Election 2024

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Indy Elections: How PACs hide donors

Plus: Recent polls and Senate ad messaging
Riley Snyder
Riley Snyder
Tabitha Mueller
Tabitha Mueller
Gabby Birenbaum
Gabby Birenbaum
Eric Neugeboren
Eric Neugeboren
Indy Elections

Indy Elections is The Nevada Independent’s newsletter devoted to comprehensive and accessible coverage of the 2024 elections, from the race for the White House to the bid to take control of the Legislature.

In today’s edition: We explore how PACs are taking advantage of a loophole in state law and break down a trio of polls, two of which show former President Donald Trump winning in Nevada. We also look at new ads, including one from the Culinary Union attacking a state senator running for re-election. Read to the end for details on U.S. Senate hopeful Sam Brown reversing his position on Yucca Mountain and for our roundup of notable social media posts.

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We want to hear from you! Send us your questions, comments, observations, jokes or what you think we should be covering or paying attention to. Email your newsletter editor Tabitha Mueller at [email protected].

By the Numbers: 

  • 9 days until early voting ends
  • 13 days until the primary election
  • 250 days until the start of the legislative session (but who’s counting?)

Transparency? In my Nevada?

By Riley Snyder and Tabitha Mueller

The barrage of political mail is one of the surest signs that election season is in full force.

These mail pieces are legally required to list who paid for their production, and interested voters (or political reporters) can typically look up the candidate or group that paid for these ads and who is funding them.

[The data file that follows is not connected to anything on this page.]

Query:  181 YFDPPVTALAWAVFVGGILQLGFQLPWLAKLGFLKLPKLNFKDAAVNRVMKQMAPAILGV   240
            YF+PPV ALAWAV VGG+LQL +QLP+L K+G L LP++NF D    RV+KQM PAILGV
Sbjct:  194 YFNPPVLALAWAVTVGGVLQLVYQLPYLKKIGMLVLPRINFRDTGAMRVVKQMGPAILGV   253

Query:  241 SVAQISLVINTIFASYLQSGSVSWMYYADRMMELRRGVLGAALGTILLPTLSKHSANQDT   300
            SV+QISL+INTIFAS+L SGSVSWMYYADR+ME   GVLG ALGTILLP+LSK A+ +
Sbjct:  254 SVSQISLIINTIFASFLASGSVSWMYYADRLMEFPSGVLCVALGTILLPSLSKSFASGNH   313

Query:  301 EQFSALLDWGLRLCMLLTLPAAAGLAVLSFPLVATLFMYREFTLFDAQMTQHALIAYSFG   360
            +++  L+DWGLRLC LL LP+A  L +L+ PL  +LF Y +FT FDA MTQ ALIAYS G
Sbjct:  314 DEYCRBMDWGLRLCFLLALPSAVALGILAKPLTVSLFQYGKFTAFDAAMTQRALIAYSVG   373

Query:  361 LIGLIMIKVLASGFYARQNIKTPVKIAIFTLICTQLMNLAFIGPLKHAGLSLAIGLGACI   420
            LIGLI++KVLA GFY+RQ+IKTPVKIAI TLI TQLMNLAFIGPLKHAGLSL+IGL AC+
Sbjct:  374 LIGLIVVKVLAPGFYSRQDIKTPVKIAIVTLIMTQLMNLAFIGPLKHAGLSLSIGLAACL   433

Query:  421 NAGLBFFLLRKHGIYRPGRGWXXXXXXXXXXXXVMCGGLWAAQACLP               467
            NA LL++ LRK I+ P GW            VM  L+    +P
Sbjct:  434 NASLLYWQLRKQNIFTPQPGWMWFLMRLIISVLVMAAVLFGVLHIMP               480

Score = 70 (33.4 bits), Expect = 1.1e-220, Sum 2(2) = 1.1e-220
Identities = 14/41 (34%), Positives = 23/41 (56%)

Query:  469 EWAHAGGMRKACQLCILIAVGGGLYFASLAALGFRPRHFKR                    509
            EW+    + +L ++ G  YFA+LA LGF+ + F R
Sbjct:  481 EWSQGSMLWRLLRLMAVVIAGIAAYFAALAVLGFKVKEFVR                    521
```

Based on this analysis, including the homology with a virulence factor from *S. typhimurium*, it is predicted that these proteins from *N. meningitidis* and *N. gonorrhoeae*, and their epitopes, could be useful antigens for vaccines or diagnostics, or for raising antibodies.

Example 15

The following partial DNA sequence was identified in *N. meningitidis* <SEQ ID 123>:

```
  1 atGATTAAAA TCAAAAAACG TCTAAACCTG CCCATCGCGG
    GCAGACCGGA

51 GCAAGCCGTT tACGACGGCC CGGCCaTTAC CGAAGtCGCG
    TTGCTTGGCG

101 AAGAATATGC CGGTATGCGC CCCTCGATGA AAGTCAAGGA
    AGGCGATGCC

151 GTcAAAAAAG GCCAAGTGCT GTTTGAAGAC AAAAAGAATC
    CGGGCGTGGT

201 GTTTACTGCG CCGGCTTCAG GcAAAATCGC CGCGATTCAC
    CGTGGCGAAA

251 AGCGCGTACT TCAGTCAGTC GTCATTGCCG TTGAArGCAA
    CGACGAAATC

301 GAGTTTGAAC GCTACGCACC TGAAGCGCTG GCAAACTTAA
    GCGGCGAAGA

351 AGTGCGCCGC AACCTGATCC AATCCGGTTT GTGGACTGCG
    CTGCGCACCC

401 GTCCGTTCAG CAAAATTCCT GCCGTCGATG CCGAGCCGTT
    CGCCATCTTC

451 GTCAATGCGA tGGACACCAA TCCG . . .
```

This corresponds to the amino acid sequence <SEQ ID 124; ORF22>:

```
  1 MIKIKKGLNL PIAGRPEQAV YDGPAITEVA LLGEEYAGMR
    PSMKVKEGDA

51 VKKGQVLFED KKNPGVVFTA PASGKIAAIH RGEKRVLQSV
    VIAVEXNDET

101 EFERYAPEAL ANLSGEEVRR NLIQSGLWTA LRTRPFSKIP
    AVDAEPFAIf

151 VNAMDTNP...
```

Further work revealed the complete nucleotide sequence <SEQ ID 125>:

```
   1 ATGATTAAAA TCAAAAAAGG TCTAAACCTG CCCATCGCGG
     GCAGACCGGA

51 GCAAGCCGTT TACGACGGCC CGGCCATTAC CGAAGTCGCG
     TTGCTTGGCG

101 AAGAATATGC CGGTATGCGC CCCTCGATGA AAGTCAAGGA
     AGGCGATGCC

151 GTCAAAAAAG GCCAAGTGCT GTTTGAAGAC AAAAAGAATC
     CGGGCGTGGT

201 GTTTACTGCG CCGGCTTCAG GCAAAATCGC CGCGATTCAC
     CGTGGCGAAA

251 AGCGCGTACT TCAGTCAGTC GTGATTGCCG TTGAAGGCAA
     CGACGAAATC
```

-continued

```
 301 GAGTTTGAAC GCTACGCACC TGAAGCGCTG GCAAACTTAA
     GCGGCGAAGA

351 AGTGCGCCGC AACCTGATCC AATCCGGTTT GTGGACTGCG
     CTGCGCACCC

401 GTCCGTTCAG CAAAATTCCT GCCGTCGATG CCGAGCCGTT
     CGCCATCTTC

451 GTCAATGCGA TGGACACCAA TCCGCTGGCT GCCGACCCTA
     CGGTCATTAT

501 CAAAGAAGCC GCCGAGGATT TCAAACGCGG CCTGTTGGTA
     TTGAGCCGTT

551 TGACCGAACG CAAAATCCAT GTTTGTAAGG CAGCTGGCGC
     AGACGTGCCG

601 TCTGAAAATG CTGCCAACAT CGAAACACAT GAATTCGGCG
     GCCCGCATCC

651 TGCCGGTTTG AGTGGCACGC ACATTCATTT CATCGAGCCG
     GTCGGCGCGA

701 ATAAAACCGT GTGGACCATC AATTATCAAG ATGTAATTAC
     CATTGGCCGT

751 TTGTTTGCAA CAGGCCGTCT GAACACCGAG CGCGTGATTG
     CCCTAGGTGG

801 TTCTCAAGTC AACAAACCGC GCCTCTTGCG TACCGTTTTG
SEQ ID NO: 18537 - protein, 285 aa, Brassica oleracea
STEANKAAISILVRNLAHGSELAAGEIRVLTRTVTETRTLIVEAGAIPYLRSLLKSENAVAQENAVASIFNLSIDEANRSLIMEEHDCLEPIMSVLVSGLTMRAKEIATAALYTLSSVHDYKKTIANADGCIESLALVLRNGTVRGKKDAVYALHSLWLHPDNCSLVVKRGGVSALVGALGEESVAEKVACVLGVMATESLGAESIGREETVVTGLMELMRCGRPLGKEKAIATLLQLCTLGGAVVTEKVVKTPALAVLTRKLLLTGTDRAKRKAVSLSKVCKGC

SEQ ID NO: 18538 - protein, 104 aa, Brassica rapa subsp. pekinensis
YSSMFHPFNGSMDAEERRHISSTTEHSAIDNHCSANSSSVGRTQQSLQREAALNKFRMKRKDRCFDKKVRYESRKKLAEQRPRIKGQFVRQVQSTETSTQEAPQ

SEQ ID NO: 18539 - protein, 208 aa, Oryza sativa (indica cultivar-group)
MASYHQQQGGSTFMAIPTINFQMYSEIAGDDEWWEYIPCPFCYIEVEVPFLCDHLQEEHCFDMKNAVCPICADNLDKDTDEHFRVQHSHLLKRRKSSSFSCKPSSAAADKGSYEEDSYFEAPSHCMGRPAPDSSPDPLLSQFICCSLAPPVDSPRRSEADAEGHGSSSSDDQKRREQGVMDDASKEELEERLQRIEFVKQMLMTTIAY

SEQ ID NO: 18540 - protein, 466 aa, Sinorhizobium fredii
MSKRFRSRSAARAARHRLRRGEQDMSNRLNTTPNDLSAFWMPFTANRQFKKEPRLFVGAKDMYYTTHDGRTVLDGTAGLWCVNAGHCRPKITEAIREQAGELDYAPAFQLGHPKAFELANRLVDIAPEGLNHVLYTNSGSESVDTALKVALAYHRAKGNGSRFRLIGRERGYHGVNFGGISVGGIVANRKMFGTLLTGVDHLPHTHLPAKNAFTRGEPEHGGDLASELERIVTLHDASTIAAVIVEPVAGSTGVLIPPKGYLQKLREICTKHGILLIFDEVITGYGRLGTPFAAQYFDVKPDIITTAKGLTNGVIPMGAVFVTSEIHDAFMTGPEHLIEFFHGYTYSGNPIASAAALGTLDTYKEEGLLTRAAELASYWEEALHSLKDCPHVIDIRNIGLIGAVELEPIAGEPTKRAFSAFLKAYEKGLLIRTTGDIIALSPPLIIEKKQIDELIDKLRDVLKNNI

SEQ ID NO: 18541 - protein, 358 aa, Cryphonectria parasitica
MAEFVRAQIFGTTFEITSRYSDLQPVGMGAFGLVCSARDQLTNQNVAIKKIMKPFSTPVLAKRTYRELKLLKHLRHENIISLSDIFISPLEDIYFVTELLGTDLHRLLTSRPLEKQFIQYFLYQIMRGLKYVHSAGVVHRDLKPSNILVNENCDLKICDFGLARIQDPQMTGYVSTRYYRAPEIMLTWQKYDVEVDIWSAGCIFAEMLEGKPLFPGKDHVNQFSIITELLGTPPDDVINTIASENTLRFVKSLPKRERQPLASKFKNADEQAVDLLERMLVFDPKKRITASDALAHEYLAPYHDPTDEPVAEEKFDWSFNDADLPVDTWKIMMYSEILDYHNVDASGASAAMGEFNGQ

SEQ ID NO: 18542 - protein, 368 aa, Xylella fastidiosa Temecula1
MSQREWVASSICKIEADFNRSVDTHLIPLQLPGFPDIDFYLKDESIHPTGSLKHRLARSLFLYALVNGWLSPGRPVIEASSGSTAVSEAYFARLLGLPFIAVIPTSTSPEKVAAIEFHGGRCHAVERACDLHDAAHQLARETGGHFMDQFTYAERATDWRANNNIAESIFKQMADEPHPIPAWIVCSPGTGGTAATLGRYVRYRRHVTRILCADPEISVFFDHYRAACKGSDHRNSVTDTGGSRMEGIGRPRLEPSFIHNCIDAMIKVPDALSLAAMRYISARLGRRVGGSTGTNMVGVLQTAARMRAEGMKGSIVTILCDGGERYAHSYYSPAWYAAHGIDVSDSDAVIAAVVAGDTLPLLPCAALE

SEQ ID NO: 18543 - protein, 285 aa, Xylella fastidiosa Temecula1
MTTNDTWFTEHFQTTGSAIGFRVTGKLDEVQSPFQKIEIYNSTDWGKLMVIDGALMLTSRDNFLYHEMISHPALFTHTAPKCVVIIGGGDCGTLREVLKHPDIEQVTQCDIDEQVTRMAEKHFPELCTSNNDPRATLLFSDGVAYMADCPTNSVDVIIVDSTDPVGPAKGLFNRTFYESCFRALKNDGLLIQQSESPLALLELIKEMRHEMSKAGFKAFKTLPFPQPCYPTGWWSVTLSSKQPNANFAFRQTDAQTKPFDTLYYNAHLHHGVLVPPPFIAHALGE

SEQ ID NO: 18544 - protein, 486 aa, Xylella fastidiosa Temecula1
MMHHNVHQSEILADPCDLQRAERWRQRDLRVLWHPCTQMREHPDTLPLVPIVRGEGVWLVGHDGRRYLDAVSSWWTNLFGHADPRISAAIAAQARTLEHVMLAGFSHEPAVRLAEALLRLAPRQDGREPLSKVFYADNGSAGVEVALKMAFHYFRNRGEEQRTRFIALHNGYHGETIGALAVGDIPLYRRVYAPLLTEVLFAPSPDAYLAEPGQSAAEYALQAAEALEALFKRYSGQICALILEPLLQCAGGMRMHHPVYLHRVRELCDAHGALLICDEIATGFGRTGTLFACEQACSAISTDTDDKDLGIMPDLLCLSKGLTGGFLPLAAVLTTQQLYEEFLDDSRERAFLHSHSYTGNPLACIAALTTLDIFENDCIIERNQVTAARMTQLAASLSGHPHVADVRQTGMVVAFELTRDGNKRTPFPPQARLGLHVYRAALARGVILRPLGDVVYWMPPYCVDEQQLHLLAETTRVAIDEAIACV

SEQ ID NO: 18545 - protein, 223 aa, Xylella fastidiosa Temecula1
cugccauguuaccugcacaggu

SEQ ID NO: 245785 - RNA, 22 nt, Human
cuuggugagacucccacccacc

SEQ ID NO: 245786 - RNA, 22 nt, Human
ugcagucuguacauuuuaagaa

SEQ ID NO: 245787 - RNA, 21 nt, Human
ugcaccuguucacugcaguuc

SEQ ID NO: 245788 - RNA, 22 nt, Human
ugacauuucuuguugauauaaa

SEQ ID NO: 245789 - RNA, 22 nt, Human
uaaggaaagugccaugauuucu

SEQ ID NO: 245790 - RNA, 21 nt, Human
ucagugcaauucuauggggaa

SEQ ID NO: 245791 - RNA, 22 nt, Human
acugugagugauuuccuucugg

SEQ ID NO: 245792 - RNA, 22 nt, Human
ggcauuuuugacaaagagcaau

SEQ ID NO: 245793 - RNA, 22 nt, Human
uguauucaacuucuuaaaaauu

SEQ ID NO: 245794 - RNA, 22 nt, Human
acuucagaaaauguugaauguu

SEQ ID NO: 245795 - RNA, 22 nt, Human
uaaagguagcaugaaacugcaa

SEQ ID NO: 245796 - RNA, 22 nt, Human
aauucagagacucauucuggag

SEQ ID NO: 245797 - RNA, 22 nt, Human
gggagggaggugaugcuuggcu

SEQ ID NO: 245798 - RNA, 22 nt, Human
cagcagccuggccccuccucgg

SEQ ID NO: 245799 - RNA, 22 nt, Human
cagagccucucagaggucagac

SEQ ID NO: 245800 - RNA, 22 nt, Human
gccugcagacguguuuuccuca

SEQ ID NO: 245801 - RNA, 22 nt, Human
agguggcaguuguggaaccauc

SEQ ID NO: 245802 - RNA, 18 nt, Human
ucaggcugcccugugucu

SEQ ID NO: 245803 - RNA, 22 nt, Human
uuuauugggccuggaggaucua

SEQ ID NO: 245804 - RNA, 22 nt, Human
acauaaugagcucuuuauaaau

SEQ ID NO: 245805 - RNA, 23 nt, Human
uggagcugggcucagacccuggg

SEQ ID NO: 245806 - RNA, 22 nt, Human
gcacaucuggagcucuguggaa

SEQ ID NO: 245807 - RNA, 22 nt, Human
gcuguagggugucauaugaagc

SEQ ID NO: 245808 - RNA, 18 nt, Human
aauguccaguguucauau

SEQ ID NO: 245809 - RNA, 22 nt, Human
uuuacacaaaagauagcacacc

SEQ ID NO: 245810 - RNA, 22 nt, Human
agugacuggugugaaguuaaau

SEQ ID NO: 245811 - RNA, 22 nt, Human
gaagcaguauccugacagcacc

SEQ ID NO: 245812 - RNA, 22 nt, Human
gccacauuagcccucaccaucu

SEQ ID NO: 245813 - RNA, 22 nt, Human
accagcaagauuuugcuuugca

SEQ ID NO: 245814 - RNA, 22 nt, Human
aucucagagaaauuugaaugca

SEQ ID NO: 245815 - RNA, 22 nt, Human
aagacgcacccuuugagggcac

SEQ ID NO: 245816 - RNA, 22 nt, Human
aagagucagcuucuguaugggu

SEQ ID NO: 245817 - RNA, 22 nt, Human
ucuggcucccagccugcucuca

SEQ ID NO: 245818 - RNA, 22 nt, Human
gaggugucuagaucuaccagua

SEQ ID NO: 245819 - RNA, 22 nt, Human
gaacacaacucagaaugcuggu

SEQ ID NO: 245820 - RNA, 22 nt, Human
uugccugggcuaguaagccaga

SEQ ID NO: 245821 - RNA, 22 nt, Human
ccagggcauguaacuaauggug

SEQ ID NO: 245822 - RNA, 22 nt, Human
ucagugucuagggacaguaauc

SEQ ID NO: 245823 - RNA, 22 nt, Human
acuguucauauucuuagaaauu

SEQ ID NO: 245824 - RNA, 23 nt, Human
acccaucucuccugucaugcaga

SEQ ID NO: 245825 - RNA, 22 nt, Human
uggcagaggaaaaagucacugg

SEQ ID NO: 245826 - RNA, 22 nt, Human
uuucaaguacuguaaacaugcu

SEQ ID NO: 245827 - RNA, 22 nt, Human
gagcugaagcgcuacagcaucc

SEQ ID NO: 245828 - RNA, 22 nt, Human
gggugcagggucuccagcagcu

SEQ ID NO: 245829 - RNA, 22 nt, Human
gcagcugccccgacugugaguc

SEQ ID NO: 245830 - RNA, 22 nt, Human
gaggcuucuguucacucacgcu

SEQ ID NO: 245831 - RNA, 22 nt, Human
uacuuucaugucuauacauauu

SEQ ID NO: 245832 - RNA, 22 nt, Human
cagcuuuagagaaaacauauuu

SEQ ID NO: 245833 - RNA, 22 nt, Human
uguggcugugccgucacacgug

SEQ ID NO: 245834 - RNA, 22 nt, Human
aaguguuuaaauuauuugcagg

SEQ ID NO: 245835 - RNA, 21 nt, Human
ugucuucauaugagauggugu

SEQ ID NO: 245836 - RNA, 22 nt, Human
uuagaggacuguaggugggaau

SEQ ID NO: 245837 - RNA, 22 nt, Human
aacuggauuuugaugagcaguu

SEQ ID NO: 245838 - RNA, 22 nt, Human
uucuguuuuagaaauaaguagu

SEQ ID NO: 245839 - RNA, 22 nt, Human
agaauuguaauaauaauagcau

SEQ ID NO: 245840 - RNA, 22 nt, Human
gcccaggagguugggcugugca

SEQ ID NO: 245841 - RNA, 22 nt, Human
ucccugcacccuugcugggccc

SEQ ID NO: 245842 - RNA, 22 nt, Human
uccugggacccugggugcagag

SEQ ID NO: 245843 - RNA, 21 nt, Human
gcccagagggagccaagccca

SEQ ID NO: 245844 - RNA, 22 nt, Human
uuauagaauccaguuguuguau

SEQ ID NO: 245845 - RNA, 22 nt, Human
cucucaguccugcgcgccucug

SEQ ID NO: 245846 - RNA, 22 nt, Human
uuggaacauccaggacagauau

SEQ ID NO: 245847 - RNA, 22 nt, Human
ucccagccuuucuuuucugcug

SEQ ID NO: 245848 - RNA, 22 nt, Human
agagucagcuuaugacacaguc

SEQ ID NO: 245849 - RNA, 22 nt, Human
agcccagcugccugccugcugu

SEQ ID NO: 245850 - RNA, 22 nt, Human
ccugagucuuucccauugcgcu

But what if you can’t?

PACs across the state are taking advantage of a state law loophole that effectively allows them to register and spend money on ads influencing the primary election without having to report their donors, at least until a month after the primary election.

Take a look at our story today to learn more about these PACs and what races they’re getting involved in, including those for a North Las Vegas state senate seat and a Washoe County Commission race.

What we’re reading and writing

Top GOP super PAC not spending in Vegas-area House races, breaking from past cycles by Gabby Birenbaum

Has the GOP given up on Nevada’s congressional races?

Nevada Supreme Court rules voter ID ballot measure can move forward by Riley Snyder

Just 102,000 signatures left to go.

Politicians are reporting more harassment. Just ask candidates in Washoe County races. By Carly Sauvageau

What’s happening in Washoe County is a “symptom of a broader disease.”

What’s at stake in the two Washoe County Commission races this year? by Carly Sauvageau

Clara Andriola on the hot seat.

The three most interesting Assembly primaries in Nevada by Tabitha Mueller and Eric Neugeboren

Just 13 more days to go.

Could veterans swing Nevada's 2024 Senate race? by Gabby Birenbaum

Rosen has been active on behalf of veterans, but what will happen if she runs against one? 

Meet Marty: Halo composer backed by Lombardo would be among wealthiest House members by Gabby Birenbaum

O’Donnell takes on a political “side quest.” 

Indy Poll Watch

We’re taking a look at a bevy of recent Nevada presidential polling to make sense of highly disparate results. Here’s what we’re working with:

To recap: Trump is winning in two of three polls. The inclusion of independent candidate Robert F. Kennedy Jr. helps Biden, except in the poll where he’s tied with Trump. 

Confused yet?

Perhaps the best conclusion we can draw is that Nevada is difficult to survey.

Two things I’m going to be monitoring during the next few months, especially after the Trump and Biden debate, are: Will RFK Jr.’s vote share go down as voters begin to accept that we have a presidential rematch? And given that partisans are more likely to vote than nonpartisans, how much support is each candidate retaining from their bases when we break down crosstabs? 

Gabby Birenbaum

Indy Ad Watch

AD-NALYSIS OF THE WEEK: Senate race heats up

With four candidates up on the air in the Nevada Senate race, viewers are getting very different messages.

Ads from Sen. Jacky Rosen (D-NV) speak to marquee Democratic achievements and bipartisan bonafides. Despite not facing any strong primary threats, her campaign is actually outspending all other Republican candidates and has spent nearly $3.5 million on ads so far, according to AdImpact.